Algiers: The Right Bank

Part II

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The 1842 Pitts & Clarke city directory was the first to include the name Algiers in its title. The New-Orleans Directory for 1842, comprising the names, residences and occupations of the merchants, business men, professional gentlemen and citizens of New-Orleans, Lafayette, Algiers and Gretna, however, did not provide exact addresses for residences and businesses on the right bank. These pages identify several Algerines including P. Sidney, Alfred, and Armand Sanchez who worked in the Vieux Carre but lived in Algiers.
Agriculture played an important role in the Algiers economy throughout most of its history. During the 1850-1851 sugar-growing season the area was home to six plantations as indicated in P. A. Champomier's Statement of Sugar Made in Louisiana. As late as 1906 the Aurora and Stanton plantations were still producing 5.3 million pounds of sugar between them.
The minutes of the Police Jury of the Parish of Orleans on the Right Bank of the River Mississippi provide us a glimpse of life in early Algiers. This entry, from the session of January 7, 1853, refers to the Telegraph Coffee House, a river bank cave-in that required the closure of Patterson Street, and the election of teachers for the Belleville and Duverjeville schools.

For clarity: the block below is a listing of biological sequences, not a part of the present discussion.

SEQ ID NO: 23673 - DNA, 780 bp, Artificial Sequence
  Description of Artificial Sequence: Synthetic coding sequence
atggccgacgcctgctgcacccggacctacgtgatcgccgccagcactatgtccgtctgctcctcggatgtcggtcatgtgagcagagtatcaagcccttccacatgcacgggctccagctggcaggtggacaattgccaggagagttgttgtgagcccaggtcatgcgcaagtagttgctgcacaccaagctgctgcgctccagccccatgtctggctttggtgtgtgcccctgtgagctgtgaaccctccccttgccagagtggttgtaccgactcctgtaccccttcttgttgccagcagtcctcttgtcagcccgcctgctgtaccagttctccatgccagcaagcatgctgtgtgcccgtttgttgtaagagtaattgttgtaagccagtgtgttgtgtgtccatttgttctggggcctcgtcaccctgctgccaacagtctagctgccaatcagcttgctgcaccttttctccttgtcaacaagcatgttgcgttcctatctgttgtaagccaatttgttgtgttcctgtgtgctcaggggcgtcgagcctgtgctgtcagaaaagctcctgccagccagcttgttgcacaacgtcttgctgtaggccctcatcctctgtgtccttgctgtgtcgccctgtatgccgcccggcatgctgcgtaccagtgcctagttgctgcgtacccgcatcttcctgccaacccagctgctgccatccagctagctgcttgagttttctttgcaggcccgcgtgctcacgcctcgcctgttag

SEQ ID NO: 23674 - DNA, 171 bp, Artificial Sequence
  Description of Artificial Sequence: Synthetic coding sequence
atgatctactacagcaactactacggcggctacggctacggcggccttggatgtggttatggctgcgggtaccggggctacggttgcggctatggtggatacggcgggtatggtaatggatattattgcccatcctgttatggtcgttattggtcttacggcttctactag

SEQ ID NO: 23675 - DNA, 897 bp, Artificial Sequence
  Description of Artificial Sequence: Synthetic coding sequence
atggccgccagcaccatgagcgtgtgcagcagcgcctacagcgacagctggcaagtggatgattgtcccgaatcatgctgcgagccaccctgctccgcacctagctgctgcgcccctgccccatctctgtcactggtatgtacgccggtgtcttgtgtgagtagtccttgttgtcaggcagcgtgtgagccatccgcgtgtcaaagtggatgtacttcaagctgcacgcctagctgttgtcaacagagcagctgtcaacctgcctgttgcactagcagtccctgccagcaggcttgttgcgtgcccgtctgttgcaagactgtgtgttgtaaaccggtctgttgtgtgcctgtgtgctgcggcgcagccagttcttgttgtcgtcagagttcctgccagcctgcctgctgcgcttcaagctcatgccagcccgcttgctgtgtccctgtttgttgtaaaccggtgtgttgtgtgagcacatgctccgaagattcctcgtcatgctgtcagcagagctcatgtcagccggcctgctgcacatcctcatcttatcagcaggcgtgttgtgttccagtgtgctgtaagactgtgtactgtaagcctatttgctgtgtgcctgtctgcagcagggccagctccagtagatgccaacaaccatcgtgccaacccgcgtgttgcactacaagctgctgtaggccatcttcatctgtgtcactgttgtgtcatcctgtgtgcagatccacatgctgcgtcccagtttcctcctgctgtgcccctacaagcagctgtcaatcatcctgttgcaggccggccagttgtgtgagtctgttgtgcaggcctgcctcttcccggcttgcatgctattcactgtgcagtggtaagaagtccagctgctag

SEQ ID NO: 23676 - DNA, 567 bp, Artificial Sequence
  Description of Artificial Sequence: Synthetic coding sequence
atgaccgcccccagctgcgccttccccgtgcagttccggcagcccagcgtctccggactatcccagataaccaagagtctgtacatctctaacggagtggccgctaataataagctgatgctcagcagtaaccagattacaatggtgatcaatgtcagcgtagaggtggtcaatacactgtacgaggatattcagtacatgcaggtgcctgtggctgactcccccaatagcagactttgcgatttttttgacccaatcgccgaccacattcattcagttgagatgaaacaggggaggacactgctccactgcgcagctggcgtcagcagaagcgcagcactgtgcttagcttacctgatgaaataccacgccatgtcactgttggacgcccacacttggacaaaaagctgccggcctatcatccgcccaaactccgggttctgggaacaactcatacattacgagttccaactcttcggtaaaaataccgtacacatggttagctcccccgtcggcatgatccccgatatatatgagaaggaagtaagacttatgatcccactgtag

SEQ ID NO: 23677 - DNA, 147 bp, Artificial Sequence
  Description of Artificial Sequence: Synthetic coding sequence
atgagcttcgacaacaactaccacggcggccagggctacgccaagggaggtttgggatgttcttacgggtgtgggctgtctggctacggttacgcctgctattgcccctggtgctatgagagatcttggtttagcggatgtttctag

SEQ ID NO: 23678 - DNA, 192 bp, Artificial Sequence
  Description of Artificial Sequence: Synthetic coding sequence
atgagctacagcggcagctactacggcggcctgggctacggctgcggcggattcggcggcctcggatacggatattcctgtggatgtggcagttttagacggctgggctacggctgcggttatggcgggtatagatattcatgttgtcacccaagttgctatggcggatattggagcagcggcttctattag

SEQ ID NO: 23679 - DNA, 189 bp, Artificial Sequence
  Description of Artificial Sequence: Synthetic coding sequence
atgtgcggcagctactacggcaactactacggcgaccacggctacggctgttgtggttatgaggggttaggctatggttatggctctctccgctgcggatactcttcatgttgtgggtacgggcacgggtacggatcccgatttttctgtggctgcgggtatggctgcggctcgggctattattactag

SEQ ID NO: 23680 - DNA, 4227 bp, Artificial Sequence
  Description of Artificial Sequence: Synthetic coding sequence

The citizens of Algiers helped with their tax dollars in the building of the New Orleans, Opelousas and Great Western Railroad. That firm, which evolved into the Southern Pacific line, proved to be an important element in the economy of the right bank.
When John McDonogh died in 1850 he left a vast inventory of real estate to the city of New Orleans. This 1860 catalog for the sale of the McDonogh lands shows the extent of his holdings in Algiers and adjacent parts of Jefferson and Plaquemines Parishes. McDonogh's own home, Monplaisir, lay just within Orleans Parish on the right bank.
These two buildings stood on Peters (now Pelican) Street near Verret when this plan was drawn in 1866. The site is now occupied by two newer homes, perhaps built shortly after the Algiers fire of 1895. Betsy Swanson made this photograph from the original drawing in volume forty-one of the plan books at the New Orleans Notarial Archives.
Act 7 of the 1870 Louisiana Legislature effected the annexation of Algiers by the city of New Orleans. The law also brought Jefferson City, part of Jefferson Parish, into the limits of the Crescent City.

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